VMware has hurried out fixes for a critical flaw in its ESXi hypervisor, a few weeks after it was found during China’s Tianfu Cup hacking competition.
The use-after-free vulnerability (CVE-2020-4004) has a CVSS score of 9.3 out of 10, making it critical. It exists in the eXtensible Host Controller Interface (xHCI) USB controller of ESXi. XHCI is an interface specification that defines a register-level description of a host controller for USB.
According to VMware in a Thursday advisory, “a malicious actor with local administrative privileges on a virtual machine may exploit this issue.”
The attacker would then be able to execute code as the virtual machine’s Virtual Machine Executable (VMX) process running on the host, said VMware’s advisory. The VMX process runs in the VMkernel and is responsible for handling I/O to devices that are not critical to performance.
Xiao Wei and Tianwen Tang (VictorV) of the Qihoo 360 Vulcan Team were credited with discovering the flaw, which they found at the 2020 Tianfu Cup Pwn Contest. While further details of the bug – and the exploit – were not disclosed, according to the Tianfu Cup’s Twitter account, the team “got the root of the host OS with one shot.” The Tianfu Cup is a popular ethical hacking contest that took place earlier in November.
ESXi versions 6.5, 6.7 and 7.0 are affected by this critical vulnerability; users can update to versions ESXi650-202011301-SG (for version 6.5), ESXi670-202011101-SG (for version 6.7) and ESXi70U1b-17168206 (for version 7.0). A workaround is to remove the xHCI (USB 3.x), controller. In addition, versions of VMware Fusion (versions 11.x), Workstation (15.x) and VMware cloud foundation (ESXi, versions 3.x and 4.x) are also affected. Patches for the VMware cloud foundation are still pending, according to the advisory.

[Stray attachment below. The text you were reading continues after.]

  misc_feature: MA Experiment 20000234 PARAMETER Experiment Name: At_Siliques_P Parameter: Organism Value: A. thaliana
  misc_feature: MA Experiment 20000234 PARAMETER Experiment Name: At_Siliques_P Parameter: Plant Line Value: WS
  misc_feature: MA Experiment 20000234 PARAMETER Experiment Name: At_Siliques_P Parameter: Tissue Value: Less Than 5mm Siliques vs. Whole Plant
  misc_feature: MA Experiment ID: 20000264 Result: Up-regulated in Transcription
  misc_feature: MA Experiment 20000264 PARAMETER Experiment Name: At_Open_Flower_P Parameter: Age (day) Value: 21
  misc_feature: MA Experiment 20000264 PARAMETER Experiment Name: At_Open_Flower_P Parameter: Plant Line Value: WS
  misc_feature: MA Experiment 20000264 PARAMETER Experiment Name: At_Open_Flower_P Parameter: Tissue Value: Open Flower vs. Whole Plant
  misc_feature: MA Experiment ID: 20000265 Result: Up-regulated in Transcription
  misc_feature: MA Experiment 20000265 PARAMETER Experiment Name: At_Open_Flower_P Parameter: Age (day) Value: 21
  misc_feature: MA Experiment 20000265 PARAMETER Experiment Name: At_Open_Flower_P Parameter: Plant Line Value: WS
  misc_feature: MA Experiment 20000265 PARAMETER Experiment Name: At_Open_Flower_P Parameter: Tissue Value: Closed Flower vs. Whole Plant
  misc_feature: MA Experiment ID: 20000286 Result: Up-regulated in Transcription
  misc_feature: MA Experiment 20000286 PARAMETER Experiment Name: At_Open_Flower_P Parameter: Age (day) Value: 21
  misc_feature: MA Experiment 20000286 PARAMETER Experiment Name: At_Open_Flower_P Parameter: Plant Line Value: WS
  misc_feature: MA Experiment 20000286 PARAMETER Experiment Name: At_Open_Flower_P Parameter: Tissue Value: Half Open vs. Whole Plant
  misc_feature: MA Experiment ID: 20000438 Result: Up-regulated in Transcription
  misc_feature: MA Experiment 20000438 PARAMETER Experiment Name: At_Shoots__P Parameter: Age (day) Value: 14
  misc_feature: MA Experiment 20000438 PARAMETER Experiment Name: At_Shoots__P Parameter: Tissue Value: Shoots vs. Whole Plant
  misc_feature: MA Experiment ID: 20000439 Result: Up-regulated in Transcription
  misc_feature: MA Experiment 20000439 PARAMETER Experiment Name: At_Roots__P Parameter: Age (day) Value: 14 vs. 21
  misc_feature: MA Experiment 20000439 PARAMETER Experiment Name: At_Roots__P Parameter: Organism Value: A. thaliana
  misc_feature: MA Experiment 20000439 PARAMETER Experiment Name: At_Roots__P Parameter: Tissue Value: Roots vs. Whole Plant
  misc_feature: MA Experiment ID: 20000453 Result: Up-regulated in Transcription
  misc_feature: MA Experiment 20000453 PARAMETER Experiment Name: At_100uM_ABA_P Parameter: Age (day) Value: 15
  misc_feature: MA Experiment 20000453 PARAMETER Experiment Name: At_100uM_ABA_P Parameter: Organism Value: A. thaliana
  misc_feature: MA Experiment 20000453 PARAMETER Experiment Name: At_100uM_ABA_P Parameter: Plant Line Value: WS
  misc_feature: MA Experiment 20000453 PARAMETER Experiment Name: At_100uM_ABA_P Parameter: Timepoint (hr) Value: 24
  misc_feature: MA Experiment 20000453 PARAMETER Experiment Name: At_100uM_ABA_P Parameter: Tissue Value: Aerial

VMware also issued patches for an important-severity elevation-of-privilege vulnerability in ESXi, also found by the Qihoo 360 Vulcan Team during the Tiunfu Cup. That flaw (CVE-2020-4005), which scores 8.8 out of 10, exists in the way certain system calls are being managed.
According to VMware, a bad actor could leverage the flaw to escalate their privileges on the affected system. However, this bug is more difficult to exploit. For one, with an attacker would need privileges within the VMX process; for another, successful exploitation of this issue is only possible when chained with another vulnerability (such as the use-after-free flaw).
Versions 6.5, 6.7 and 7.0 of ESXi are affected by the bugs; as is VMware Cloud Foundation (ESXi, versions 3.x and 4.x). A patch is pending for the latter.
These are only the latest flaws to plague the ESXi hypervisor. In October, VMware issued an updated fix for a critical-severity remote code-execution flaw in ESXi. VMware said updated patch versions were available after it was discovered the previous patch, released Oct. 20, did not completely address the vulnerability. That’s because certain versions that were affected were not previously covered in the earlier update.